An example could be an ultrasound scanner. Laboratory version sells for $100k. Doctor’s version introduced in 2012 sells for about $2500. Consumer version could be available in a year or two for about $200.

Availability of personal diagnostic and therapeutic devices with software based diagnosis will deliver much better medical care than currently available. It will be enabled by statistical processing of all information available in the world data bases, tailored for a given patient.

This presentation will overview selected existing developments and emerging eHealth applications.

E-health revolution enabled by wearable MEMS motion trackers
Job Elders, Ph.D., Senior VP Strategic Alliances, Xsens

MEMS motion trackers enable accurate 3-dimensional data of motion in general and next generation wearable MEMS motion trackers enable 3 dimensional body motion in particular. Body motion data provide a wealth of information which will be exploited in the near future to support the health and comfort of human beings. 

This presentation explores the product requirements and technology challenges of wearable MEMS motion trackers for e-health applications. In addition the presentation will discuss examples of health applications based on MEMS motion trackers.

Advanced Manufacturing of Integrated Labs-on-a-Chip
for Ubiquitous Diagnostics
Gisela Lin, Ph.D., Center Development Manager, Micro/Nano Fluidics Fundamentals Focus (MF3) Center, University of California, Irvine

MEMS/NEMS developments are already changing the world in healthcare by bringing new capabilities and modalities for sensing and processing. The Micro/Nano Fluidics Fundamentals Focus (MF3) Center is an industry-academia-government consortium formed in 2006 and is headquartered at the University of California, Irvine. Our mission is to create a focused community that performs fundamental micro/nano fluidic (MF) research to develop standardized MF integration processes and device technology that promotes MF commercialization. Together with industry, this research team is working to address the critical challenges facing large scale production of labs-on-a-chip to bring low-cost, ubiquitous diagnostics to fruition and thus enabling eHealth solutions for healthcare. These devices will have sensors, microfluidic sample and reagent handling, and the ability to connect to mobile devices for data transfer. Combined with existing telecommunications infrastructure, these manufacturable, integrated labs-on-a-chip will enable distributed, fast, real-time diagnostics anywhere in the world. Results from recent MF3 developments in low-cost, scalable, lab-on-a-chip development and integration will be presented.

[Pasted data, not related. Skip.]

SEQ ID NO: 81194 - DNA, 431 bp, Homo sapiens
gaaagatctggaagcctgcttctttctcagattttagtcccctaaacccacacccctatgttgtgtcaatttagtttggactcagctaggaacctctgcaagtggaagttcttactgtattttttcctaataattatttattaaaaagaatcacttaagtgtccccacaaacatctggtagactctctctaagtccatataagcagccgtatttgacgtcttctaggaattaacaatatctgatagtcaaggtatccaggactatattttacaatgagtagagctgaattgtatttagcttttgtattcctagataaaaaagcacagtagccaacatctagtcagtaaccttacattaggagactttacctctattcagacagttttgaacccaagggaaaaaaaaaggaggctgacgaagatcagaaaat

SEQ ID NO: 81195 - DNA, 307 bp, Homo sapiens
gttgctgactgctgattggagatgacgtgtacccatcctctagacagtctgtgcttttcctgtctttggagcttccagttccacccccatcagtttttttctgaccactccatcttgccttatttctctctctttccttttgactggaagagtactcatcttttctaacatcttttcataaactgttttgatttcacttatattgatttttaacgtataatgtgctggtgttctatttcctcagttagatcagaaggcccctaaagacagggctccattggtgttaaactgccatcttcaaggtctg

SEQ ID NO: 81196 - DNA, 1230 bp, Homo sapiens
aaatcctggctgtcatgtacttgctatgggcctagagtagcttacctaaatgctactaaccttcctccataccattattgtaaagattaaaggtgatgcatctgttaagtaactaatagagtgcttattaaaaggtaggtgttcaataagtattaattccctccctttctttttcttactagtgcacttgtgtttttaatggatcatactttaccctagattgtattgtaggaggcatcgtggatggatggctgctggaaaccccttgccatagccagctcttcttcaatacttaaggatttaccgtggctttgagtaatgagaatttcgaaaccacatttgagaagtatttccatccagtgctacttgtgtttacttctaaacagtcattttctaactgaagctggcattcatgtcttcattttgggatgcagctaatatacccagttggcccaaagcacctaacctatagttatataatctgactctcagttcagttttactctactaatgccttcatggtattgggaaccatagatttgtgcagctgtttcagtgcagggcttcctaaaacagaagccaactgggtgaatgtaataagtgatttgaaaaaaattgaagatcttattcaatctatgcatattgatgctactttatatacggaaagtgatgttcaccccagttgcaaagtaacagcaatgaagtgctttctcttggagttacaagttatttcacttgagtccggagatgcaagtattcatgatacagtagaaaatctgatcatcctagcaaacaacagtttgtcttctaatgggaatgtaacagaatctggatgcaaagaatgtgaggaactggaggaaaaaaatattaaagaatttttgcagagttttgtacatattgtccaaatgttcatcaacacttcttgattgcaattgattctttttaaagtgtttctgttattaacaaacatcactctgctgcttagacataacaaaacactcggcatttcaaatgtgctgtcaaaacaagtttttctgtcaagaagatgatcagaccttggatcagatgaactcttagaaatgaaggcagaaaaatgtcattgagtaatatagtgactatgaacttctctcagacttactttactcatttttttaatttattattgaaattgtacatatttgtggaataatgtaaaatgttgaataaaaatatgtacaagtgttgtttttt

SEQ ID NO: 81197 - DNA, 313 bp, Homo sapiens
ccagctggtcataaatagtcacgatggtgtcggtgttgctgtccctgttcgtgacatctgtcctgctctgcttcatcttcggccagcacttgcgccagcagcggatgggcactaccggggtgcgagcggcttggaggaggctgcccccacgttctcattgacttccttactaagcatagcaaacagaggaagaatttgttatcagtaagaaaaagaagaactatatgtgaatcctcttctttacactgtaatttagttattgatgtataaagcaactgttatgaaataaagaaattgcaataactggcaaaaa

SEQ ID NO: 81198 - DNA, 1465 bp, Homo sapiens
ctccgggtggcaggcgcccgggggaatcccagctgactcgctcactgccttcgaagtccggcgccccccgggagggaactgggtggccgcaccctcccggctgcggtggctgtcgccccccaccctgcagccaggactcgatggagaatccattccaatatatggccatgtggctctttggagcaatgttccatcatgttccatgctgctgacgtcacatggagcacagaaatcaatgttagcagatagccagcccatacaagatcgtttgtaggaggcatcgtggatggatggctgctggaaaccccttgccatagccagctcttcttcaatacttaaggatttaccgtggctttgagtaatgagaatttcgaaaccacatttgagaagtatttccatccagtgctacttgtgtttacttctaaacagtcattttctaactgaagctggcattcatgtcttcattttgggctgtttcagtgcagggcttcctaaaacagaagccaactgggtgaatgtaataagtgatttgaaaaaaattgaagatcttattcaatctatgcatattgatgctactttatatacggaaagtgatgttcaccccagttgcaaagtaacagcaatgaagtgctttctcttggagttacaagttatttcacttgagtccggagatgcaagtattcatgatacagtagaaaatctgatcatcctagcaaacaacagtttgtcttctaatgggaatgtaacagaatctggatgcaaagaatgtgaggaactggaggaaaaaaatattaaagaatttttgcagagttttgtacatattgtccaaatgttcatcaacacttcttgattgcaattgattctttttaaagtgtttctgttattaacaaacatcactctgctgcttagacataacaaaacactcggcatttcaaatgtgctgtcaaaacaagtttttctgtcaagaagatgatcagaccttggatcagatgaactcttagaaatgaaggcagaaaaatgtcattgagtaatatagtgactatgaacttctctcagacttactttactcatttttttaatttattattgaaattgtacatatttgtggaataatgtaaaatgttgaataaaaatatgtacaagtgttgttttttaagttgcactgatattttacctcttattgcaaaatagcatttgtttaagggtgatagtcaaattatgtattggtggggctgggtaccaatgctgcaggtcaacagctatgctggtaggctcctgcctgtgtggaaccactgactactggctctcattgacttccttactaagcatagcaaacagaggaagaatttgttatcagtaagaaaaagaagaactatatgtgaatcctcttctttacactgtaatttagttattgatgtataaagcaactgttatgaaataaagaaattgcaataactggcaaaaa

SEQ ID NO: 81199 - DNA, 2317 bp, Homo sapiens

Wireless Health: Remaking of Medicine by Pervasive Technologies
Mehran Mehregany, Ph.D., Goodrich Professor of Engineering Innovation, Director, Wireless Health Program,
Director, Case School of Engineering San Diego Programs

Ubiquitous connectivity and computing are bringing about unprecedented mobility—allowing working, entertainment, shopping, socializing, gaming, etc., anytime, anywhere. This trend is also infiltrating health care, promising significant improvements in quality, convenience, reach and cost of care through “wireless health” solutions. Wireless health solutions enable diagnosis, therapy and monitoring of health-related conditions by tracking relevant biomarkers, managing treatment regimen and monitoring progress—while the patient goes about her daily life. At the same time, microsystems are increasingly enabling nonintrusive measurement of health and disease conditions, as well as delivery of therapy on demand. Social networks are promoting peer comparisons and competitions in health and wellness, motivating behavioral change and providing a community of support. Meanwhile, advances in genomics are ushering in the new era of personalized medicine.  The convergence of these trends will result in individualized, preventative medicine that is time and place independent and are explored in this presentation. 

Mouth Guards, Sweatbands, and Bandages:
On-Body Chemical Sensors

Dr. Christopher Salthouse, Dev and Linda Gupta Professor of Electrical and Computer Engineering, University of Massachusetts, Amherst